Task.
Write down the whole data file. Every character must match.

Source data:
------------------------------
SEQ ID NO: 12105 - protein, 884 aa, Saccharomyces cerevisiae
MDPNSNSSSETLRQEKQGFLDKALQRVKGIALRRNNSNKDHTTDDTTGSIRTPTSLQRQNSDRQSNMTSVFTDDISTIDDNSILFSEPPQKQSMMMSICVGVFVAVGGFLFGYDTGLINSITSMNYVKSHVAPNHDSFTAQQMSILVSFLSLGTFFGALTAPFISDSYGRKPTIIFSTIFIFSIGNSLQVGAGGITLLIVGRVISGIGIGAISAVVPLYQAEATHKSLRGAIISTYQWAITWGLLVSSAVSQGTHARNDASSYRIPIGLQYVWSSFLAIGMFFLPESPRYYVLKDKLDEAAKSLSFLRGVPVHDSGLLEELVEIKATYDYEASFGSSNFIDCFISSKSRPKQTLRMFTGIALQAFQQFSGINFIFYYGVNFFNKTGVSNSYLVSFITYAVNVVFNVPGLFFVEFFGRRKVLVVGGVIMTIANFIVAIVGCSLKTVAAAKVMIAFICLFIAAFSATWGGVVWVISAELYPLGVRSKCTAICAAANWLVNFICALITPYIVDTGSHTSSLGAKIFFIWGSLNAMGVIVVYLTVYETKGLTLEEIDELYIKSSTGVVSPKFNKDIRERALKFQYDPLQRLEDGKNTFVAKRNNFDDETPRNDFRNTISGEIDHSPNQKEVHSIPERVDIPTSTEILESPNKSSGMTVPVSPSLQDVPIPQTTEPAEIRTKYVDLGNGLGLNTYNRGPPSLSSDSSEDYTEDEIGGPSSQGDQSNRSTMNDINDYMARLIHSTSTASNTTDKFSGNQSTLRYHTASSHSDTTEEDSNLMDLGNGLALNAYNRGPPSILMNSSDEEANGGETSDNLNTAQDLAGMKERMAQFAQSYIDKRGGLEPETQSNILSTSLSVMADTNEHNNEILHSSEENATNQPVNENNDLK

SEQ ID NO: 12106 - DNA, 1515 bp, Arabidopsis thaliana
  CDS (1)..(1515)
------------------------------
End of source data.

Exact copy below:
SEQ ID NO: 12105 - protein, 884 aa, Saccharomyces cerevisiae
MDPNSNSSSETLRQEKQGFLDKALQRVKGIALRRNNSNKDHTTDDTTGSIRTPTSLQRQNSDRQSNMTSVFTDDISTIDDNSILFSEPPQKQSMMMSICVGVFVAVGGFLFGYDTGLINSITSMNYVKSHVAPNHDSFTAQQMSILVSFLSLGTFFGALTAPFISDSYGRKPTIIFSTIFIFSIGNSLQVGAGGITLLIVGRVISGIGIGAISAVVPLYQAEATHKSLRGAIISTYQWAITWGLLVSSAVSQGTHARNDASSYRIPIGLQYVWSSFLAIGMFFLPESPRYYVLKDKLDEAAKSLSFLRGVPVHDSGLLEELVEIKATYDYEASFGSSNFIDCFISSKSRPKQTLRMFTGIALQAFQQFSGINFIFYYGVNFFNKTGVSNSYLVSFITYAVNVVFNVPGLFFVEFFGRRKVLVVGGVIMTIANFIVAIVGCSLKTVAAAKVMIAFICLFIAAFSATWGGVVWVISAELYPLGVRSKCTAICAAANWLVNFICALITPYIVDTGSHTSSLGAKIFFIWGSLNAMGVIVVYLTVYETKGLTLEEIDELYIKSSTGVVSPKFNKDIRERALKFQYDPLQRLEDGKNTFVAKRNNFDDETPRNDFRNTISGEIDHSPNQKEVHSIPERVDIPTSTEILESPNKSSGMTVPVSPSLQDVPIPQTTEPAEIRTKYVDLGNGLGLNTYNRGPPSLSSDSSEDYTEDEIGGPSSQGDQSNRSTMNDINDYMARLIHSTSTASNTTDKFSGNQSTLRYHTASSHSDTTEEDSNLMDLGNGLALNAYNRGPPSILMNSSDEEANGGETSDNLNTAQDLAGMKERMAQFAQSYIDKRGGLEPETQSNILSTSLSVMADTNEHNNEILHSSEENATNQPVNENNDLK

SEQ ID NO: 12106 - DNA, 1515 bp, Arabidopsis thaliana
  CDS (1)..(1515)